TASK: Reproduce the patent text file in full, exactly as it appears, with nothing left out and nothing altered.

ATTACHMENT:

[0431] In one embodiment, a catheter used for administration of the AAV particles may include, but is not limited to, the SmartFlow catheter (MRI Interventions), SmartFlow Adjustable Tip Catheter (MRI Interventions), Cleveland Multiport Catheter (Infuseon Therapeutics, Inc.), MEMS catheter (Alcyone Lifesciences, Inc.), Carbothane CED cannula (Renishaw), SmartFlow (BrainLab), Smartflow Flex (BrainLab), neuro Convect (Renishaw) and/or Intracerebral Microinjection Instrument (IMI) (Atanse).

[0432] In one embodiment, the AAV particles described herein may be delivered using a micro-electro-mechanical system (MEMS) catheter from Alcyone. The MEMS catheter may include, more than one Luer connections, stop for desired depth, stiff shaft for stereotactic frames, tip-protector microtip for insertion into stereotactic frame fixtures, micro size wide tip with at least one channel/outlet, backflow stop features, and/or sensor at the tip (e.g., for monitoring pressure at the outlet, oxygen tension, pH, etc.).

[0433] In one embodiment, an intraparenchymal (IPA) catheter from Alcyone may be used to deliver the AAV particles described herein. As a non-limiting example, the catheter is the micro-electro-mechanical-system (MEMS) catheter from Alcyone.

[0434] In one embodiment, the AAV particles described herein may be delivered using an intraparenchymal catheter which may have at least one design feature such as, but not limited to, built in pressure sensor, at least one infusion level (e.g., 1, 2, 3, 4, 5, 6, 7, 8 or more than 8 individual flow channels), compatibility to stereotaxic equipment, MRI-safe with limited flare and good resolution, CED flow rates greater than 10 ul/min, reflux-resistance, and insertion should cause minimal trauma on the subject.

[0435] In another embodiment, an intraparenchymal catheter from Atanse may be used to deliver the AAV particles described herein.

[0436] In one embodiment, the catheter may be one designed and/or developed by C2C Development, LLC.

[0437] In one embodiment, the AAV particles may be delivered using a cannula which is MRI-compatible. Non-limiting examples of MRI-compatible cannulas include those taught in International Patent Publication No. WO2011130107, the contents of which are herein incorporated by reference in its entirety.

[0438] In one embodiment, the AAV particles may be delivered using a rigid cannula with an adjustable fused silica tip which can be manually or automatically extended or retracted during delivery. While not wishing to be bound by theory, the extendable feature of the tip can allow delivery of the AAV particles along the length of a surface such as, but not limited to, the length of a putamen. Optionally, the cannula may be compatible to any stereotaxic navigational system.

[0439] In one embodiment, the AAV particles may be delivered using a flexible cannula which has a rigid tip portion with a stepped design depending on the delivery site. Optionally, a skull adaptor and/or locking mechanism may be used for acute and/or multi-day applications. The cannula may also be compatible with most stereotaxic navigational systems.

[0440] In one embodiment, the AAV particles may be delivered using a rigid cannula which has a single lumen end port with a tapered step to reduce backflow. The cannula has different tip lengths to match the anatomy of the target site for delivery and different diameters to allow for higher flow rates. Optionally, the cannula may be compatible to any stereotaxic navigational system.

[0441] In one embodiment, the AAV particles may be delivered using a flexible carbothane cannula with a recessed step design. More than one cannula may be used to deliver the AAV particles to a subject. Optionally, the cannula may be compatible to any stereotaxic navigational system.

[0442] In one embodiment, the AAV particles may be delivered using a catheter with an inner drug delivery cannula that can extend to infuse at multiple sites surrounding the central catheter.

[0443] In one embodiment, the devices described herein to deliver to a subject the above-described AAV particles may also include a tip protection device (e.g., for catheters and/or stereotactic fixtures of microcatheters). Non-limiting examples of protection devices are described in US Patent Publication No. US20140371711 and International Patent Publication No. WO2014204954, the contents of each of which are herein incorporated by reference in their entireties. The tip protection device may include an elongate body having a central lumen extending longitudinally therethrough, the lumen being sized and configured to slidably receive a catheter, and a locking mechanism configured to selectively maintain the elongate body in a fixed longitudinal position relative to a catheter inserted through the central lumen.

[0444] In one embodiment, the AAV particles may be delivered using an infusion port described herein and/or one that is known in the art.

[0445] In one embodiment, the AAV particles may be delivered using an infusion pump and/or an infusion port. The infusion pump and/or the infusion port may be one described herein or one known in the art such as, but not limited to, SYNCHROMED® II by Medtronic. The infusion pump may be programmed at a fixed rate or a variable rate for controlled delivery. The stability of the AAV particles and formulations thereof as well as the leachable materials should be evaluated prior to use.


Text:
[0431] In one embodiment, a catheter used for administration of the AAV particles may include, but is not limited to, the SmartFlow catheter (MRI Interventions), SmartFlow Adjustable Tip Catheter (MRI Interventions), Cleveland Multiport Catheter (Infuseon Therapeutics, Inc.), MEMS catheter (Alcyone Lifesciences, Inc.), Carbothane CED cannula (Renishaw), SmartFlow (BrainLab), Smartflow Flex (BrainLab), neuro Convect (Renishaw) and/or Intracerebral Microinjection Instrument (IMI) (Atanse).

[0432] In one embodiment, the AAV particles described herein may be delivered using a micro-electro-mechanical system (MEMS) catheter from Alcyone. The MEMS catheter may include, more than one Luer connections, stop for desired depth, stiff shaft for stereotactic frames, tip-protector microtip for insertion into stereotactic frame fixtures, micro size wide tip with at least one channel/outlet, backflow stop features, and/or sensor at the tip (e.g., for monitoring pressure at the outlet, oxygen tension, pH, etc.).

[0433] In one embodiment, an intraparenchymal (IPA) catheter from Alcyone may be used to deliver the AAV particles described herein. As a non-limiting example, the catheter is the micro-electro-mechanical-system (MEMS) catheter from Alcyone.

[0434] In one embodiment, the AAV particles described herein may be delivered using an intraparenchymal catheter which may have at least one design feature such as, but not limited to, built in pressure sensor, at least one infusion level (e.g., 1, 2, 3, 4, 5, 6, 7, 8 or more than 8 individual flow channels), compatibility to stereotaxic equipment, MRI-safe with limited flare and good resolution, CED flow rates greater than 10 ul/min, reflux-resistance, and insertion should cause minimal trauma on the subject.

[0435] In another embodiment, an intraparenchymal catheter from Atanse may be used to deliver the AAV particles described herein.

[0436] In one embodiment, the catheter may be one designed and/or developed by C2C Development, LLC.

[0437] In one embodiment, the AAV particles may be delivered using a cannula which is MRI-compatible. Non-limiting examples of MRI-compatible cannulas include those taught in International Patent Publication No. WO2011130107, the contents of which are herein incorporated by reference in its entirety.

[0438] In one embodiment, the AAV particles may be delivered using a rigid cannula with an adjustable fused silica tip which can be manually or automatically extended or retracted during delivery. While not wishing to be bound by theory, the extendable feature of the tip can allow delivery of the AAV particles along the length of a surface such as, but not limited to, the length of a putamen. Optionally, the cannula may be compatible to any stereotaxic navigational system.

[0439] In one embodiment, the AAV particles may be delivered using a flexible cannula which has a rigid tip portion with a stepped design depending on the delivery site. Optionally, a skull adaptor and/or locking mechanism may be used for acute and/or multi-day applications. The cannula may also be compatible with most stereotaxic navigational systems.

[0440] In one embodiment, the AAV particles may be delivered using a rigid cannula which has a single lumen end port with a tapered step to reduce backflow. The cannula has different tip lengths to match the anatomy of the target site for delivery and different diameters to allow for higher flow rates. Optionally, the cannula may be compatible to any stereotaxic navigational system.

[0441] In one embodiment, the AAV particles may be delivered using a flexible carbothane cannula with a recessed step design. More than one cannula may be used to deliver the AAV particles to a subject. Optionally, the cannula may be compatible to any stereotaxic navigational system.

[0442] In one embodiment, the AAV particles may be delivered using a catheter with an inner drug delivery cannula that can extend to infuse at multiple sites surrounding the central catheter.

[0443] In one embodiment, the devices described herein to deliver to a subject the above-described AAV particles may also include a tip protection device (e.g., for catheters and/or stereotactic fixtures of microcatheters). Non-limiting examples of protection devices are described in US Patent Publication No. US20140371711 and International Patent Publication No. WO2014204954, the contents of each of which are herein incorporated by reference in their entireties. The tip protection device may include an elongate body having a central lumen extending longitudinally therethrough, the lumen being sized and configured to slidably receive a catheter, and a locking mechanism configured to selectively maintain the elongate body in a fixed longitudinal position relative to a catheter inserted through the central lumen.

[0444] In one embodiment, the AAV particles may be delivered using an infusion port described herein and/or one that is known in the art.

[0445] In one embodiment, the AAV particles may be delivered using an infusion pump and/or an infusion port. The infusion pump and/or the infusion port may be one described herein or one known in the art such as, but not limited to, SYNCHROMED® II by Medtronic. The infusion pump may be programmed at a fixed rate or a variable rate for controlled delivery. The stability of the AAV particles and formulations thereof as well as the leachable materials should be evaluated prior to use.